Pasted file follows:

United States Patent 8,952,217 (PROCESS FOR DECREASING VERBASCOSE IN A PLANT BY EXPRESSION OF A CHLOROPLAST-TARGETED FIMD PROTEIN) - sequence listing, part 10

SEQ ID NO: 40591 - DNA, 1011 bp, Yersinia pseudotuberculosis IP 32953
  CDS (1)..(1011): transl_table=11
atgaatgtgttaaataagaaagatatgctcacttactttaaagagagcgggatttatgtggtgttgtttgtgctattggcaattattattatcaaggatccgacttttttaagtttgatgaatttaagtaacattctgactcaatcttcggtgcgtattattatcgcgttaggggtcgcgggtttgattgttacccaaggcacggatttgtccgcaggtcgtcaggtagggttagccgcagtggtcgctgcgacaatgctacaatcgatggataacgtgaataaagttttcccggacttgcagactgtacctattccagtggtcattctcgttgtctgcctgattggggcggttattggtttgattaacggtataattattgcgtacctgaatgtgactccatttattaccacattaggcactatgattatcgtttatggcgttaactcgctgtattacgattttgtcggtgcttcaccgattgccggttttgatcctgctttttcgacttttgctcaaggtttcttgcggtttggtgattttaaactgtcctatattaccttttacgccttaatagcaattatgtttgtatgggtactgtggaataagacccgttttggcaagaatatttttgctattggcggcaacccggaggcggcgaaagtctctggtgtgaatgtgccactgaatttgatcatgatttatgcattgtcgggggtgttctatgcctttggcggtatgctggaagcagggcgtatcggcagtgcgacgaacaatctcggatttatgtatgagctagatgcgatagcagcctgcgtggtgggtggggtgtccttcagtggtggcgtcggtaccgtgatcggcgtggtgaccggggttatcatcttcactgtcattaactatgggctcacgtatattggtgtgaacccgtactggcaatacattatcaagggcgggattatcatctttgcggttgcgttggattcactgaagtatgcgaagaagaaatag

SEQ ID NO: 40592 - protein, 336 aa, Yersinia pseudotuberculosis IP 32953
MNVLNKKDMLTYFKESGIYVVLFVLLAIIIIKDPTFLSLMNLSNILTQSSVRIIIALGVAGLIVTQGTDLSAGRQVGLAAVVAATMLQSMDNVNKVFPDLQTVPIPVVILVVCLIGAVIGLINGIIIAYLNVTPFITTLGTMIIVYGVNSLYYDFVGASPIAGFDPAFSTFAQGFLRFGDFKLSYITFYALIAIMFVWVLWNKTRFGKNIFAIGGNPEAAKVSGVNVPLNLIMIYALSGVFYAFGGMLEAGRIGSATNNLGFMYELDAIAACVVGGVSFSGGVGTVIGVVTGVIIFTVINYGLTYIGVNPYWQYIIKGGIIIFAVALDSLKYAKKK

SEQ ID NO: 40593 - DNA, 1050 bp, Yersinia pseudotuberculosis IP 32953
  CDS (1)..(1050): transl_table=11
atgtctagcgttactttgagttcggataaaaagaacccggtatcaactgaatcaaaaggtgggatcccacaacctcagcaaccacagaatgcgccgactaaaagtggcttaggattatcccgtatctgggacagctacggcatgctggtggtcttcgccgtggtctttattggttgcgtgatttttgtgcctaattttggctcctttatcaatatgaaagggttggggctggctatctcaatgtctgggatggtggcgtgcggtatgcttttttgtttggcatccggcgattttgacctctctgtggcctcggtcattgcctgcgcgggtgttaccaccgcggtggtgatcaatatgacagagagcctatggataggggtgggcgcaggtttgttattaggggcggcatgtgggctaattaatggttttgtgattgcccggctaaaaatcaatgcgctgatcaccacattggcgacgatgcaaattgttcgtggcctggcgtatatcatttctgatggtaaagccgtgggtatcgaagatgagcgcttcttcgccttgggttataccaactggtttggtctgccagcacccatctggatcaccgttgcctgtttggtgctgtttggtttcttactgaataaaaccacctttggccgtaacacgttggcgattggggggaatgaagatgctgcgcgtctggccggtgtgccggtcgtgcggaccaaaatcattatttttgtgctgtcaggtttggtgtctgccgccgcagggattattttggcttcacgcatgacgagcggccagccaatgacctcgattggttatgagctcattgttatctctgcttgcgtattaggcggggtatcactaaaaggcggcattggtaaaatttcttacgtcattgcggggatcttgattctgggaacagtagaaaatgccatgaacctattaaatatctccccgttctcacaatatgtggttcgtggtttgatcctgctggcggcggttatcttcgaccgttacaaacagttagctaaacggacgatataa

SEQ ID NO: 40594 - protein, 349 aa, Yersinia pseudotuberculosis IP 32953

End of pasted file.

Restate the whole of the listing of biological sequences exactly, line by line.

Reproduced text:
United States Patent 8,952,217 (PROCESS FOR DECREASING VERBASCOSE IN A PLANT BY EXPRESSION OF A CHLOROPLAST-TARGETED FIMD PROTEIN) - sequence listing, part 10

SEQ ID NO: 40591 - DNA, 1011 bp, Yersinia pseudotuberculosis IP 32953
  CDS (1)..(1011): transl_table=11
atgaatgtgttaaataagaaagatatgctcacttactttaaagagagcgggatttatgtggtgttgtttgtgctattggcaattattattatcaaggatccgacttttttaagtttgatgaatttaagtaacattctgactcaatcttcggtgcgtattattatcgcgttaggggtcgcgggtttgattgttacccaaggcacggatttgtccgcaggtcgtcaggtagggttagccgcagtggtcgctgcgacaatgctacaatcgatggataacgtgaataaagttttcccggacttgcagactgtacctattccagtggtcattctcgttgtctgcctgattggggcggttattggtttgattaacggtataattattgcgtacctgaatgtgactccatttattaccacattaggcactatgattatcgtttatggcgttaactcgctgtattacgattttgtcggtgcttcaccgattgccggttttgatcctgctttttcgacttttgctcaaggtttcttgcggtttggtgattttaaactgtcctatattaccttttacgccttaatagcaattatgtttgtatgggtactgtggaataagacccgttttggcaagaatatttttgctattggcggcaacccggaggcggcgaaagtctctggtgtgaatgtgccactgaatttgatcatgatttatgcattgtcgggggtgttctatgcctttggcggtatgctggaagcagggcgtatcggcagtgcgacgaacaatctcggatttatgtatgagctagatgcgatagcagcctgcgtggtgggtggggtgtccttcagtggtggcgtcggtaccgtgatcggcgtggtgaccggggttatcatcttcactgtcattaactatgggctcacgtatattggtgtgaacccgtactggcaatacattatcaagggcgggattatcatctttgcggttgcgttggattcactgaagtatgcgaagaagaaatag

SEQ ID NO: 40592 - protein, 336 aa, Yersinia pseudotuberculosis IP 32953
MNVLNKKDMLTYFKESGIYVVLFVLLAIIIIKDPTFLSLMNLSNILTQSSVRIIIALGVAGLIVTQGTDLSAGRQVGLAAVVAATMLQSMDNVNKVFPDLQTVPIPVVILVVCLIGAVIGLINGIIIAYLNVTPFITTLGTMIIVYGVNSLYYDFVGASPIAGFDPAFSTFAQGFLRFGDFKLSYITFYALIAIMFVWVLWNKTRFGKNIFAIGGNPEAAKVSGVNVPLNLIMIYALSGVFYAFGGMLEAGRIGSATNNLGFMYELDAIAACVVGGVSFSGGVGTVIGVVTGVIIFTVINYGLTYIGVNPYWQYIIKGGIIIFAVALDSLKYAKKK

SEQ ID NO: 40593 - DNA, 1050 bp, Yersinia pseudotuberculosis IP 32953
  CDS (1)..(1050): transl_table=11
atgtctagcgttactttgagttcggataaaaagaacccggtatcaactgaatcaaaaggtgggatcccacaacctcagcaaccacagaatgcgccgactaaaagtggcttaggattatcccgtatctgggacagctacggcatgctggtggtcttcgccgtggtctttattggttgcgtgatttttgtgcctaattttggctcctttatcaatatgaaagggttggggctggctatctcaatgtctgggatggtggcgtgcggtatgcttttttgtttggcatccggcgattttgacctctctgtggcctcggtcattgcctgcgcgggtgttaccaccgcggtggtgatcaatatgacagagagcctatggataggggtgggcgcaggtttgttattaggggcggcatgtgggctaattaatggttttgtgattgcccggctaaaaatcaatgcgctgatcaccacattggcgacgatgcaaattgttcgtggcctggcgtatatcatttctgatggtaaagccgtgggtatcgaagatgagcgcttcttcgccttgggttataccaactggtttggtctgccagcacccatctggatcaccgttgcctgtttggtgctgtttggtttcttactgaataaaaccacctttggccgtaacacgttggcgattggggggaatgaagatgctgcgcgtctggccggtgtgccggtcgtgcggaccaaaatcattatttttgtgctgtcaggtttggtgtctgccgccgcagggattattttggcttcacgcatgacgagcggccagccaatgacctcgattggttatgagctcattgttatctctgcttgcgtattaggcggggtatcactaaaaggcggcattggtaaaatttcttacgtcattgcggggatcttgattctgggaacagtagaaaatgccatgaacctattaaatatctccccgttctcacaatatgtggttcgtggtttgatcctgctggcggcggttatcttcgaccgttacaaacagttagctaaacggacgatataa

SEQ ID NO: 40594 - protein, 349 aa, Yersinia pseudotuberculosis IP 32953